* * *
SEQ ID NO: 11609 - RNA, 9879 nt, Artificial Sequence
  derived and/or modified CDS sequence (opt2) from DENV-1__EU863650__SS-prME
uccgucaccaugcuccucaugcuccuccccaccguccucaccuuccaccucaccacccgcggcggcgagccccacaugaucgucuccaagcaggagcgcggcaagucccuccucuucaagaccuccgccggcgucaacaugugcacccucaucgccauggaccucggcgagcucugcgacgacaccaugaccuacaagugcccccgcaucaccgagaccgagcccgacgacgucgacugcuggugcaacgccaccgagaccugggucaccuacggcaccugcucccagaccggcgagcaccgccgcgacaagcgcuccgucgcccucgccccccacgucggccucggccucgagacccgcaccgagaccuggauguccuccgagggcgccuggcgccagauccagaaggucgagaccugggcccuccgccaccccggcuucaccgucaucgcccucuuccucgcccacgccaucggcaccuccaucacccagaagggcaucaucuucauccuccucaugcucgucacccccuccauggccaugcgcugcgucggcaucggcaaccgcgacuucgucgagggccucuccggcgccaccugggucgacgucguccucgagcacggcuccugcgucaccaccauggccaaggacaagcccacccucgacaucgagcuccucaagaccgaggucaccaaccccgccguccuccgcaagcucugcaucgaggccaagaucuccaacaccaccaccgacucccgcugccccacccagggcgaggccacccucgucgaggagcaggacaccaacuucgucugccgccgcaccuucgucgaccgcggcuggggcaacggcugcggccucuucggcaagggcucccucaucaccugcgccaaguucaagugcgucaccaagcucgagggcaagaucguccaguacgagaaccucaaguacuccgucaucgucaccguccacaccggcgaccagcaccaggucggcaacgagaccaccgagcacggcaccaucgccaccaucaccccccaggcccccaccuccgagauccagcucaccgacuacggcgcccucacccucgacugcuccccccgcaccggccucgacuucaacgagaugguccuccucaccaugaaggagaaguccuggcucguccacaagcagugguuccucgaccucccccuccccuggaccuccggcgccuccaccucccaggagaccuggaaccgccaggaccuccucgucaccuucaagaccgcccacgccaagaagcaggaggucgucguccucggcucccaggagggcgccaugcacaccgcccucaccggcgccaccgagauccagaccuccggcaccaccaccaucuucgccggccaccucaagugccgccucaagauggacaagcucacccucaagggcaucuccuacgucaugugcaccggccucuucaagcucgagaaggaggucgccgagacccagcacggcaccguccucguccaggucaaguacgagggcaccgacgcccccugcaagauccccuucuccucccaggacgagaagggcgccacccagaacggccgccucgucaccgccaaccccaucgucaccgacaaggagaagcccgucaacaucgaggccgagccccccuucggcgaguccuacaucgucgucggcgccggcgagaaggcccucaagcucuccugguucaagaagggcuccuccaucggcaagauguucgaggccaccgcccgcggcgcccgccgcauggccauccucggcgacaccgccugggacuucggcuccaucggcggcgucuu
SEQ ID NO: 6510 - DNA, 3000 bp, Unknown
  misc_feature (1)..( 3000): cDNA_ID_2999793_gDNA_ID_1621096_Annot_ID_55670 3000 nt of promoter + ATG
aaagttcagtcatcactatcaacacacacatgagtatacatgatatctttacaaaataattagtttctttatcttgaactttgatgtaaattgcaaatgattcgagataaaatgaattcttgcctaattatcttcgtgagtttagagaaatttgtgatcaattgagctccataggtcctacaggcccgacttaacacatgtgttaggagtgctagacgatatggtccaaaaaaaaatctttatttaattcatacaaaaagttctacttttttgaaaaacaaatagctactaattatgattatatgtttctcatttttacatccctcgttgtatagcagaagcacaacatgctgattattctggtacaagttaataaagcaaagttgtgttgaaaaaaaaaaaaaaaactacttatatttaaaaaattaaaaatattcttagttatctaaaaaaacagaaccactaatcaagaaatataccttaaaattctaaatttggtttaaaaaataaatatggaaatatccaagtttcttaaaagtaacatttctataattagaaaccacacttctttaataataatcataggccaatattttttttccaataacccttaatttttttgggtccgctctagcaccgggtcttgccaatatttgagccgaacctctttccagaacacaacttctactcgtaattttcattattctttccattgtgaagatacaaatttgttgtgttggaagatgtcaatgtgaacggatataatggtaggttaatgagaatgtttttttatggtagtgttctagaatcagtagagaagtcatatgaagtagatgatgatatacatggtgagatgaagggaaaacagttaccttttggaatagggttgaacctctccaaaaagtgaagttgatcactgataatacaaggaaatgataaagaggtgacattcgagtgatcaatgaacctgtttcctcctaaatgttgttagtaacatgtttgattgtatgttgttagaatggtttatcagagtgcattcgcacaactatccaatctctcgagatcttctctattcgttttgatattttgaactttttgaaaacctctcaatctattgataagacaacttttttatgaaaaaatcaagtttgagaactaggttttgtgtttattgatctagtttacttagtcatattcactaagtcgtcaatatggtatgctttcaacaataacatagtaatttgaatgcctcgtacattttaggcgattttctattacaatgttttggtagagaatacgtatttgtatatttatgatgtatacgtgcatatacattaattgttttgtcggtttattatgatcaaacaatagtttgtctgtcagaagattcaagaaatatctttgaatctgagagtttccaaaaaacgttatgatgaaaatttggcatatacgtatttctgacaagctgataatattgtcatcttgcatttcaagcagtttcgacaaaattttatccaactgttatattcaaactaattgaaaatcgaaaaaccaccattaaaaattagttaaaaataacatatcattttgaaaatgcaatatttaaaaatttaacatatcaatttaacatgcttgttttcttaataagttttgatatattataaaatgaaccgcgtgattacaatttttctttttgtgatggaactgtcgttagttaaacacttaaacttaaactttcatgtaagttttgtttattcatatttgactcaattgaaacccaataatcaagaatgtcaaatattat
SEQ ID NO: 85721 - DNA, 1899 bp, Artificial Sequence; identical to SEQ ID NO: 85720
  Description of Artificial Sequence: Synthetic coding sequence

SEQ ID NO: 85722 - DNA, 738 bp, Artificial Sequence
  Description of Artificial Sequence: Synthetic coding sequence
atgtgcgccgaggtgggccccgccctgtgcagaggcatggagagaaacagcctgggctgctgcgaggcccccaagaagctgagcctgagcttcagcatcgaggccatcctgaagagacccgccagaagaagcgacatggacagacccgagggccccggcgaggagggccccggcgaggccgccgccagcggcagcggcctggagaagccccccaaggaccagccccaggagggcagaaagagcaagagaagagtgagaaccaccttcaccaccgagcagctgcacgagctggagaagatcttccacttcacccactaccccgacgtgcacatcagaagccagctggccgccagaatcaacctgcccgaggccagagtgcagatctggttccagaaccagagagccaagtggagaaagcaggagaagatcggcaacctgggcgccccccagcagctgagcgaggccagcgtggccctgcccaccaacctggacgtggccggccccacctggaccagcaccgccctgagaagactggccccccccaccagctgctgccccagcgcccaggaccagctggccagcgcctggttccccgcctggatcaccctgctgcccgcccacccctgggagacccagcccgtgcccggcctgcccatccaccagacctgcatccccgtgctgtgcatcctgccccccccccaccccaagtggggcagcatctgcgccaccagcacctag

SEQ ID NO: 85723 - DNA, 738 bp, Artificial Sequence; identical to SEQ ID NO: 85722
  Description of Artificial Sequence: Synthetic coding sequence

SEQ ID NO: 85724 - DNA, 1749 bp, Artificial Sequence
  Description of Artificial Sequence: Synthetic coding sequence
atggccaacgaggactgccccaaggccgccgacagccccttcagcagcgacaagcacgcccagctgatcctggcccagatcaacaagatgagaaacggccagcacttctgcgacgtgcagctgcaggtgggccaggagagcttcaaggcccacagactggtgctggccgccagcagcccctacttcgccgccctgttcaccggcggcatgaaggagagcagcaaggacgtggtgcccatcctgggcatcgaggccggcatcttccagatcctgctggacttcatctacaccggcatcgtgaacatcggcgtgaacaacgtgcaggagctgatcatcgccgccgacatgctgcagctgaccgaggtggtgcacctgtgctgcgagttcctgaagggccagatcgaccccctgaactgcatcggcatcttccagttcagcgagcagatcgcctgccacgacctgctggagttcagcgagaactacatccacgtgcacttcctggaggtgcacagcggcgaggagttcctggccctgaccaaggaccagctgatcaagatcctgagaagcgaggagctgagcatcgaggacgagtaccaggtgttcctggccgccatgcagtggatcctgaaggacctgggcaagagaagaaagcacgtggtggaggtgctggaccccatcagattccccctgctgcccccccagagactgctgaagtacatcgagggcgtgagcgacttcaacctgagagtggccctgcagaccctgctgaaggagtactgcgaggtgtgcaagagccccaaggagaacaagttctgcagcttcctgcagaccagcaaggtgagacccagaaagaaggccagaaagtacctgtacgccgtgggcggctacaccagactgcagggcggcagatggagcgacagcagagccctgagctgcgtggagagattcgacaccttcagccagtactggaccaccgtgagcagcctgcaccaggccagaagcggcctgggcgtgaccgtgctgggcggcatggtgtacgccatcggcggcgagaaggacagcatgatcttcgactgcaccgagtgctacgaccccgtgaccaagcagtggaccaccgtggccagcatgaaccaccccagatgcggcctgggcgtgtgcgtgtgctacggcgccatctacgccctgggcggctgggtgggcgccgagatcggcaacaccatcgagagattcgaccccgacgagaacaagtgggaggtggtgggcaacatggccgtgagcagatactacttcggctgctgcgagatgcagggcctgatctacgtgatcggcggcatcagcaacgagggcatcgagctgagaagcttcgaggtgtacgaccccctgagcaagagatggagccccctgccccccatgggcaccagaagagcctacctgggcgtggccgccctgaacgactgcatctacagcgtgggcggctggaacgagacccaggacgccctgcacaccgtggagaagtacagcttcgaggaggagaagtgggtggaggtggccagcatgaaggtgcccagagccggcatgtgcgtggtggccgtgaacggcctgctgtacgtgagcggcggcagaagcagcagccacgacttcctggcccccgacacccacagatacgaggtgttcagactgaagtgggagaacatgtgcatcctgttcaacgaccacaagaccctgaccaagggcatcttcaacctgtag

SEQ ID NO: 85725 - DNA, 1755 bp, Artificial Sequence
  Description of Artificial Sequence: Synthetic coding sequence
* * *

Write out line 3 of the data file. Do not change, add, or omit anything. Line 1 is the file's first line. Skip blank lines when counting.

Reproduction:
uccgucaccaugcuccucaugcuccuccccaccguccucaccuuccaccucaccacccgcggcggcgagccccacaugaucgucuccaagcaggagcgcggcaagucccuccucuucaagaccuccgccggcgucaacaugugcacccucaucgccauggaccucggcgagcucugcgacgacaccaugaccuacaagugcccccgcaucaccgagaccgagcccgacgacgucgacugcuggugcaacgccaccgagaccugggucaccuacggcaccugcucccagaccggcgagcaccgccgcgacaagcgcuccgucgcccucgccccccacgucggccucggccucgagacccgcaccgagaccuggauguccuccgagggcgccuggcgccagauccagaaggucgagaccugggcccuccgccaccccggcuucaccgucaucgcccucuuccucgcccacgccaucggcaccuccaucacccagaagggcaucaucuucauccuccucaugcucgucacccccuccauggccaugcgcugcgucggcaucggcaaccgcgacuucgucgagggccucuccggcgccaccugggucgacgucguccucgagcacggcuccugcgucaccaccauggccaaggacaagcccacccucgacaucgagcuccucaagaccgaggucaccaaccccgccguccuccgcaagcucugcaucgaggccaagaucuccaacaccaccaccgacucccgcugccccacccagggcgaggccacccucgucgaggagcaggacaccaacuucgucugccgccgcaccuucgucgaccgcggcuggggcaacggcugcggccucuucggcaagggcucccucaucaccugcgccaaguucaagugcgucaccaagcucgagggcaagaucguccaguacgagaaccucaaguacuccgucaucgucaccguccacaccggcgaccagcaccaggucggcaacgagaccaccgagcacggcaccaucgccaccaucaccccccaggcccccaccuccgagauccagcucaccgacuacggcgcccucacccucgacugcuccccccgcaccggccucgacuucaacgagaugguccuccucaccaugaaggagaaguccuggcucguccacaagcagugguuccucgaccucccccuccccuggaccuccggcgccuccaccucccaggagaccuggaaccgccaggaccuccucgucaccuucaagaccgcccacgccaagaagcaggaggucgucguccucggcucccaggagggcgccaugcacaccgcccucaccggcgccaccgagauccagaccuccggcaccaccaccaucuucgccggccaccucaagugccgccucaagauggacaagcucacccucaagggcaucuccuacgucaugugcaccggccucuucaagcucgagaaggaggucgccgagacccagcacggcaccguccucguccaggucaaguacgagggcaccgacgcccccugcaagauccccuucuccucccaggacgagaagggcgccacccagaacggccgccucgucaccgccaaccccaucgucaccgacaaggagaagcccgucaacaucgaggccgagccccccuucggcgaguccuacaucgucgucggcgccggcgagaaggcccucaagcucuccugguucaagaagggcuccuccaucggcaagauguucgaggccaccgcccgcggcgcccgccgcauggccauccucggcgacaccgccugggacuucggcuccaucggcggcgucuu